Radiocarbon Dating


  • Published : 2002.12.20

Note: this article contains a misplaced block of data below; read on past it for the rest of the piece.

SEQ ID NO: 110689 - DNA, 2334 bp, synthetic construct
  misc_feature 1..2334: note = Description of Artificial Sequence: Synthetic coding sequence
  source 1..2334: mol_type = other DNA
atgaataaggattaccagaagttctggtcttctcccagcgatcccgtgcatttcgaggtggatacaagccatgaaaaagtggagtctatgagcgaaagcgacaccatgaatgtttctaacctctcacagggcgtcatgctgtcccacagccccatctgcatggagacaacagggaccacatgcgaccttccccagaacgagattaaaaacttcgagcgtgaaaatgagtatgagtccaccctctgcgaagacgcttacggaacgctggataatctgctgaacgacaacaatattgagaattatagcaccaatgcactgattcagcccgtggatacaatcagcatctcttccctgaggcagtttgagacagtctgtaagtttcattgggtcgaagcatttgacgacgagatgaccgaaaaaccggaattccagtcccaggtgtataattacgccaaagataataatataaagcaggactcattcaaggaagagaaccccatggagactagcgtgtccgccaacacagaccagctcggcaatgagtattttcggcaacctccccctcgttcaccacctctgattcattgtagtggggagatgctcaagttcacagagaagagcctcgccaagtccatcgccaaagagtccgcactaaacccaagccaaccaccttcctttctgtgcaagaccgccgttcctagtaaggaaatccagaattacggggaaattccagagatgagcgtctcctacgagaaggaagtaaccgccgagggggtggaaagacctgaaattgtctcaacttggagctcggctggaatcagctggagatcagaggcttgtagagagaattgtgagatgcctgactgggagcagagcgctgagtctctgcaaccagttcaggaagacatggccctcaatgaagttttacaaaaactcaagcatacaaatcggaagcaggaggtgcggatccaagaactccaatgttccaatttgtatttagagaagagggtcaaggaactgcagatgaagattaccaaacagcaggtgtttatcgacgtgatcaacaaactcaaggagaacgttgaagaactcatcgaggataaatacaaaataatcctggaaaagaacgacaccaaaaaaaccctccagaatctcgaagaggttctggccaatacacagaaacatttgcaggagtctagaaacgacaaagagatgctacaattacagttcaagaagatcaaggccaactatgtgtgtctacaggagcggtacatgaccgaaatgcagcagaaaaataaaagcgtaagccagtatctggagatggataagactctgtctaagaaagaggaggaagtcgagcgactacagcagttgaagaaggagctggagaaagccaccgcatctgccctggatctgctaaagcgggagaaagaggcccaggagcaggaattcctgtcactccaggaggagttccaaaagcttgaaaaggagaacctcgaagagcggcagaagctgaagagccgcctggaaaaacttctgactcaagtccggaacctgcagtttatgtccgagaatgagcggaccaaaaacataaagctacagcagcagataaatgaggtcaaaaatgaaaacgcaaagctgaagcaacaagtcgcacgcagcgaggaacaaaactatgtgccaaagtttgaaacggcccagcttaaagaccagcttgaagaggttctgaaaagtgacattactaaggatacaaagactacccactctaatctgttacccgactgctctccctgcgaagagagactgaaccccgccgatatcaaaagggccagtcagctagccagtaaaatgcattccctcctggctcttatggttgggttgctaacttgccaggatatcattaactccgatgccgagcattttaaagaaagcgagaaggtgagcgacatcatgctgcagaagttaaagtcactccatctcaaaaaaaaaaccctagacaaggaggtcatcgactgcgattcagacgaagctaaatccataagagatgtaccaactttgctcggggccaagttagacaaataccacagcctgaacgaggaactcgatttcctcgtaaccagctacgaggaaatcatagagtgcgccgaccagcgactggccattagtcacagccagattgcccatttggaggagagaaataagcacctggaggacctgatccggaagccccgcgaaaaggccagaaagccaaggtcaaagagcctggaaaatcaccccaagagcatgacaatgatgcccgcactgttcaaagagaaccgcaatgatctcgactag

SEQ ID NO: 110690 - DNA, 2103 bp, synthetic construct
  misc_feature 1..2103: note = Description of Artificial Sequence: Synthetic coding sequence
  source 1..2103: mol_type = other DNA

It is very important to determine the age of the Cultural Properties in archeology. In about 1950, W.F. Libby and a team of scientists at the University of Chicago developed the Radiocarbon Dating technique. Radiocarbon($^14$C) Dating is probably one of the most widely used and best known absolute dating methods. Radiocarbon ages are conventionally specified to the year 1950. This year is 0 BP year. BP is the initial of Before Present. The $^14$C within an organism is continually decaying into stable carbon isotopes. When $^14$C decays, it emits a $\beta$ - particle with an energy content of 156 KeV and becomes 14N. Only the $\beta$ - particle is detected by Liquid Scintillation Counting. $^14$C has a half life of 5730 years. It has been used to date samples as old as 50,000 years. Radiocarbon determinations can be obtained on organic material : wood, charcoal, shell, etc. The results of radiocarbon dating using Benzene Synthesizer and Liquid Scintillation Counter are KCP539 $4030\pm60$BP year, KCP540 $3980\pm60$BP year, KCP575 $4870\pm50$, KCP576 $100\pm50$BP year, KCP577 $130\pm50$BP yea and KCP578 $210\pm70$BP year.